The Ups and Downs of April Weather

by Stephane Menu

The month of April is a month of transition when it comes to weather, with, not quite ups and downs, but more accurately, colds and warms! It is frequently unsettled, with rain or strong wind or bright sun, sometimes even in one single day. This Spring, it is no different: the past week was marked with all kind of different weather, impacting birds and bird banding alike.

Notably, there was no banding in three days this week and only half the netting time on another day, on account of, in order: rain (April 19), very strong South wind and rain(April 23), directly followed by very strong (and cold) North wind (April 24). On April 20, we managed to have the nets open for three hours before snow squalls and an increasing wind forced us to close them all. Nonetheless, when we could have the nets open, the catching was good, especially on April 18 (which was sandwiched between two rainy days) when 150 birds were banded, 85 of them Golden-crowned Kinglets, with Dark-eyed Junco a far second (22 birds banded). Banding days with more than 100 birds are quite uncommon: between one and six in a Spring and five Spring seasons without any. The busiest day ever in 22 years of banding was April 17, 2016: 386 birds banded, with a remarkable 313 Golden-crowned Kinglets (following a day of 216 birds banded)! On April 18, we also captured three species of warblers: Yellow-rumped, Pine, and Palm warblers; the latter being quite early, just one day short of the earliest date (April 17, 2016).

This spring, after our busy day, April 19 was another morning of rain and no banding. The one-hour census and regular observations can still be done though, which, that day, yielded the FOY joy (First-of-Year) Eastern Towhee and Field Sparrow. On April 20, as noted, nets were open for three hours before snow squalls and strong winds made us close them all. We still managed to band 51 birds of four species, 62% of them Golden-crowned Kinglets (April is Golden-crowned Kinglet month, if you hadn’t noticed).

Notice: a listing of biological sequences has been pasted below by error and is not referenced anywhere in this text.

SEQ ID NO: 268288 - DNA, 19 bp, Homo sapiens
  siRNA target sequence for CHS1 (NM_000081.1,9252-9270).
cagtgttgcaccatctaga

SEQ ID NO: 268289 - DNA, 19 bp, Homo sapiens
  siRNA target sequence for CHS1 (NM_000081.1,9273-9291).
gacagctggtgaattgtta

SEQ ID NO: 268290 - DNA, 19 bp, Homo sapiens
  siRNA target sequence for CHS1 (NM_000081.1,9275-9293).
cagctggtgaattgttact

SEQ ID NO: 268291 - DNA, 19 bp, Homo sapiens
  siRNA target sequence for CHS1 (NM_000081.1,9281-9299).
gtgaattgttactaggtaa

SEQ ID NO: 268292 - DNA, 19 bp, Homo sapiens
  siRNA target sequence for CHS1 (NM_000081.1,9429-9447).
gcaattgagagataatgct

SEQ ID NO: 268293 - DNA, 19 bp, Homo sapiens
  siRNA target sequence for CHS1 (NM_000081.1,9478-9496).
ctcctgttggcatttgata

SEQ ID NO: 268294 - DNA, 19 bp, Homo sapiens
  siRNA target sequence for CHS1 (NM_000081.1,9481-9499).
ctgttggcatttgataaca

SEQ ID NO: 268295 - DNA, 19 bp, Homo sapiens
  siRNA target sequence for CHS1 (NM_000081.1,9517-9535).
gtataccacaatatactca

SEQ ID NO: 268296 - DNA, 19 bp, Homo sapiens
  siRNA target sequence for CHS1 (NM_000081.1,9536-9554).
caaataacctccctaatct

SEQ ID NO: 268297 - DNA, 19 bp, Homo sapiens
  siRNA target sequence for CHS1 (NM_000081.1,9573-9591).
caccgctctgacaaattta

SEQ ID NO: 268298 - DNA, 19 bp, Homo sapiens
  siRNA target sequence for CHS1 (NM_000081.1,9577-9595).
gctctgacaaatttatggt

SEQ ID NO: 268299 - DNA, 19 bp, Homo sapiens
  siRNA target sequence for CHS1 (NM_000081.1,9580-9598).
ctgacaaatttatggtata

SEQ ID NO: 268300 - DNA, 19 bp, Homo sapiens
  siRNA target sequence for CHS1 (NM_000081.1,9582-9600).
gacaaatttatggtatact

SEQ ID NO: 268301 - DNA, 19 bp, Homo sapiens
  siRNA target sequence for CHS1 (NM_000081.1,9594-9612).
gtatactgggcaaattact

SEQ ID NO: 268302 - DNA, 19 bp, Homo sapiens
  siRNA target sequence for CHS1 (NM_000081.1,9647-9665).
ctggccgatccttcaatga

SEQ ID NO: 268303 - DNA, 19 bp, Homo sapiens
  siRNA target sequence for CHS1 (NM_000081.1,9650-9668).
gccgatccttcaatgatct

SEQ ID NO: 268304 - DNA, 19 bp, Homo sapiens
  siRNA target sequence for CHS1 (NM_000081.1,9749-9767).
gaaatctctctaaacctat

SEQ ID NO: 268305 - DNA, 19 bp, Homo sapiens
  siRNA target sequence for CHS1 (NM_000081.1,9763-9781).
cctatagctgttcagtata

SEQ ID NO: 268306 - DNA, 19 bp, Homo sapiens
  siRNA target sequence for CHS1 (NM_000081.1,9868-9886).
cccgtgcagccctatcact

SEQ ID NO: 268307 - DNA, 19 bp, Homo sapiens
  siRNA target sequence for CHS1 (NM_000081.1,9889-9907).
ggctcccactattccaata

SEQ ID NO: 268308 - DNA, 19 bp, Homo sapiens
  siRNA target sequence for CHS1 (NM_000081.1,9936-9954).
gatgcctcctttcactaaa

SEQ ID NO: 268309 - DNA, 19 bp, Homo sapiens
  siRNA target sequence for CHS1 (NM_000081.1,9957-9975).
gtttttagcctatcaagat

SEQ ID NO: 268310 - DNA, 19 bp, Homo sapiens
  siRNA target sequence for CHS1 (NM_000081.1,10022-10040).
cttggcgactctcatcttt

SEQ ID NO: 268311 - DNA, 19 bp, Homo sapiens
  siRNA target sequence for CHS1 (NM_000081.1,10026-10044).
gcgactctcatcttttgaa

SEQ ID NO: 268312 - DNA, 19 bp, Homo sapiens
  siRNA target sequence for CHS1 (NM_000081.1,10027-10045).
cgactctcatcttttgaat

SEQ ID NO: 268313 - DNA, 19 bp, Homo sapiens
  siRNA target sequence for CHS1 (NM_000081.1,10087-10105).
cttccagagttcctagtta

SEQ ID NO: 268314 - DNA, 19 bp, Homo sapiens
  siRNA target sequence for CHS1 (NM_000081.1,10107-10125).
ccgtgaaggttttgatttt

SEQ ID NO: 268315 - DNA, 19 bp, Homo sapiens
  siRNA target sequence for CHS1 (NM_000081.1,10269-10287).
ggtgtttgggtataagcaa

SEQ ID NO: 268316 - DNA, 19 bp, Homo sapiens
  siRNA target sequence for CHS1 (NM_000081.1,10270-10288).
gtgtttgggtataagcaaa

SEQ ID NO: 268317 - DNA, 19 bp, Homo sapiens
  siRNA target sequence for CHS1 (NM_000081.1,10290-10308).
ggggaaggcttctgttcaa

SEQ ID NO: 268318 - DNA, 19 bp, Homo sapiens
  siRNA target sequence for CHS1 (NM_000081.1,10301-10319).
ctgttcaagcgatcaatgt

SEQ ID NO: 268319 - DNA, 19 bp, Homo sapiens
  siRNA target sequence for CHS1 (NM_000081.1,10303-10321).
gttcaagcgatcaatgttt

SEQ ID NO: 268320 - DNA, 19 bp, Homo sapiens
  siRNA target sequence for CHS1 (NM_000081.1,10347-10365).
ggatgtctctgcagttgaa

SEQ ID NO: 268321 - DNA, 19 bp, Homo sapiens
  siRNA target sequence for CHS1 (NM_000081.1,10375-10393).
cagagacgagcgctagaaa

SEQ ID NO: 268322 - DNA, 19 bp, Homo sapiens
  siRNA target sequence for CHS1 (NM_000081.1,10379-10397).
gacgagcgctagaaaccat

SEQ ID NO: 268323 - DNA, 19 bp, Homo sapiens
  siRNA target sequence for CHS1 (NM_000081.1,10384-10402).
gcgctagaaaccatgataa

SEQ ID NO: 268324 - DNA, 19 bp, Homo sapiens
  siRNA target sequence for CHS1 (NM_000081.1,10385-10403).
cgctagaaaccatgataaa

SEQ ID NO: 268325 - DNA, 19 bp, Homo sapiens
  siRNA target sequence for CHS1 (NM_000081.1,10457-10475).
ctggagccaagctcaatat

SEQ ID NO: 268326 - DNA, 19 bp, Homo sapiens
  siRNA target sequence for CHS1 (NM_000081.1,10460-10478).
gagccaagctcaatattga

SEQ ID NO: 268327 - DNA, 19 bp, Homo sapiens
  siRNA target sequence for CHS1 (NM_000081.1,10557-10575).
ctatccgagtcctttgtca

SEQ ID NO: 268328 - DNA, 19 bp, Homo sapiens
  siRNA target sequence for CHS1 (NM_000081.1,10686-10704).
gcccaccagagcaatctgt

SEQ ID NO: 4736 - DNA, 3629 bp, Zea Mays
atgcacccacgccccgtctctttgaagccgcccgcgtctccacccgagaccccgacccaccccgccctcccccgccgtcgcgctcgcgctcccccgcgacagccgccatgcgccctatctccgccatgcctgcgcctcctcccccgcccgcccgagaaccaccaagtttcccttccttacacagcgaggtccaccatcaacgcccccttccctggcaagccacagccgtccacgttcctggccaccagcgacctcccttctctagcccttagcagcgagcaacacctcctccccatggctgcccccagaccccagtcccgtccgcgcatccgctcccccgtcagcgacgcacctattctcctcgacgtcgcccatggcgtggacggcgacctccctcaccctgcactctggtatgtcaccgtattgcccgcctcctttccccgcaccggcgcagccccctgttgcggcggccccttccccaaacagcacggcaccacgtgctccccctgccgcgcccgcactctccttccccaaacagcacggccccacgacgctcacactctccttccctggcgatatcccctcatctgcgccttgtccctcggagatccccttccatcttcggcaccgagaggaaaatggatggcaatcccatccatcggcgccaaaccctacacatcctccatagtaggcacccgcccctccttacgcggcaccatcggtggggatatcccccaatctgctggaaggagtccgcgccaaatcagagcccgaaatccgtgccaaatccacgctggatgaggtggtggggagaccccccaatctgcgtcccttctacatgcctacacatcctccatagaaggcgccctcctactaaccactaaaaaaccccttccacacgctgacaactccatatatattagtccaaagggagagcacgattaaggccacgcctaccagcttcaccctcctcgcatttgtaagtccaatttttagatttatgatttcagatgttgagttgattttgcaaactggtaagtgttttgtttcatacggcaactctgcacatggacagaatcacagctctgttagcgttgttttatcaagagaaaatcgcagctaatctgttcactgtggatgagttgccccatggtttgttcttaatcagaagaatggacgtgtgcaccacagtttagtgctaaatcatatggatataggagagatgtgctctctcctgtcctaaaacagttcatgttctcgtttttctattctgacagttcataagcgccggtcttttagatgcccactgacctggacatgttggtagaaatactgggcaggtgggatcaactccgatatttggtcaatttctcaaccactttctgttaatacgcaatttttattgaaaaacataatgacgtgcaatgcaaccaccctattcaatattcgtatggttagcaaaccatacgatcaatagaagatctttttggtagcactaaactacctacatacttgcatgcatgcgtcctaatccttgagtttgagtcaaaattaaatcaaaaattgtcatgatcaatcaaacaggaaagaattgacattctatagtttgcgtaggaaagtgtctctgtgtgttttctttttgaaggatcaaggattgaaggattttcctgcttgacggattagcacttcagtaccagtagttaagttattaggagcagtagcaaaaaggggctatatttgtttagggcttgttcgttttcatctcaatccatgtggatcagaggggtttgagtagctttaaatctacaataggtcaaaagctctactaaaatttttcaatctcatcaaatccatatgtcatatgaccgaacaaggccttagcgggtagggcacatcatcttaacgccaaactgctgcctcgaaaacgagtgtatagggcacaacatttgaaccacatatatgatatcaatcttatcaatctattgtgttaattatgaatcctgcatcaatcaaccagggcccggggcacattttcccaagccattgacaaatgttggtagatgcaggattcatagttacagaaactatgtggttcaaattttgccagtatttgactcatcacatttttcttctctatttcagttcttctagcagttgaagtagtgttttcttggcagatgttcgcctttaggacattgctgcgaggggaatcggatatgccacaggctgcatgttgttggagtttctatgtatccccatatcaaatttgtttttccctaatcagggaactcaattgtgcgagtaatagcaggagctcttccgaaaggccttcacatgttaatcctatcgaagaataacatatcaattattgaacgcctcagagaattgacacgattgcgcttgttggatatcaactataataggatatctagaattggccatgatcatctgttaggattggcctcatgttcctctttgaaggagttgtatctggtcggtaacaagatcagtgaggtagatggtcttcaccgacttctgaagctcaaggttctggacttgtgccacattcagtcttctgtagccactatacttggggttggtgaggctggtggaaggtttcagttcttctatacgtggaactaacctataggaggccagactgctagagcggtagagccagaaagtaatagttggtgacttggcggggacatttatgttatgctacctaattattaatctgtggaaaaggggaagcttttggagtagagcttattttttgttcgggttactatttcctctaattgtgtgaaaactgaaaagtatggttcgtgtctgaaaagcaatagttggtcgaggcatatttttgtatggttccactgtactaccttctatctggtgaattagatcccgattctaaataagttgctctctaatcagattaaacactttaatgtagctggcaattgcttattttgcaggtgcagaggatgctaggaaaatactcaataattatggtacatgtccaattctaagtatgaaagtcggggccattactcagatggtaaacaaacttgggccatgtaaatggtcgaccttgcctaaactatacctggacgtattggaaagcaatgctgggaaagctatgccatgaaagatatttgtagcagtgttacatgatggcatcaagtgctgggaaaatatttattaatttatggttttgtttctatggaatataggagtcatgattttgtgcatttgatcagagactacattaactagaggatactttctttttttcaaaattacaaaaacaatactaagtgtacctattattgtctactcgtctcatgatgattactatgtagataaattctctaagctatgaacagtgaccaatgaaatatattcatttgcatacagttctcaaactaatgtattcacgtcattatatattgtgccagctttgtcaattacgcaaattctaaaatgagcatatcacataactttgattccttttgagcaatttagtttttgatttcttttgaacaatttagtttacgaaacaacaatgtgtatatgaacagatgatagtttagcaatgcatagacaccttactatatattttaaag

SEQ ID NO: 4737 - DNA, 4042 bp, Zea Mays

Clear sky smiled on us for two days afterward, April 21 and 22, when nets could be open for their regular six hours, providing good catches of 63 and 31 birds, respectively. The big surprise, though, was the exquisite male Northern Parula observed in a cedar on April 22! It is the first time ever that this species has been detected in April at Cabot Head, the (previous) earliest date being May 2, 2013. This beautiful warbler is never detected in big numbers here, with lots of inter-annual variation in its first detection: in 2008, for example, it was not observed until May 23. Amazingly, the Northern Parula is still around, heard on April 24 while winter returned with a fury (more on that later).

Other noteworthy observations of the past week: two Rough-legged Hawks were seen briefly, “enjoying” the strong wind and snow squalls on April 20; large flocks of Blackbirds have frequently been seen, notably over 300 Common Grackles on April 21; one Osprey was seen on April 20, a bird that never lingers at Cabot Head and is actually not seen often; on the other hand, Peregrine Falcons have been seen this Spring in a somewhat regular fashion, with observations on six days from April 15 to 24.

Rain, pushed by a very strong South wind, returned on April 23, shutting down the banding operation once more. A total of 33 species were nonetheless detected during themorning, including a little group of seven Lesser Yellowlegs. The wind shifted during the night: a raging cold North wind was blowing at dawn on April 24, bringing snow overnight and freezing temperatures. Winter, mostly absent during the actual winter, was suddenly here! Needless to say, nets stayed furled once again, covered in snow. A few ducks (Bufflehead, Ring-necked Ducks, and the three species of Mergansers) were seen on Wingfield Basin, a few gulls and the pair of Bald Eagle braved the furious wind, but it was mostly quiet, with songbirds likely taking shelter deep in thickets and cedars. However, with the sky clearing and the sun shining later in the morning, some activity returned: kinglets and Yellow-rumped Warblers and Chipping Sparrows and Dark-eyed Juncosflitting in cedars, looking for insects warmed by the sun. And, amazingly, the Northern Parula was heard singing (though, alas, not seen).

All in all, not a bad week, with all the ingredients of a typical mid-April at Cabot Head.

Northern Parula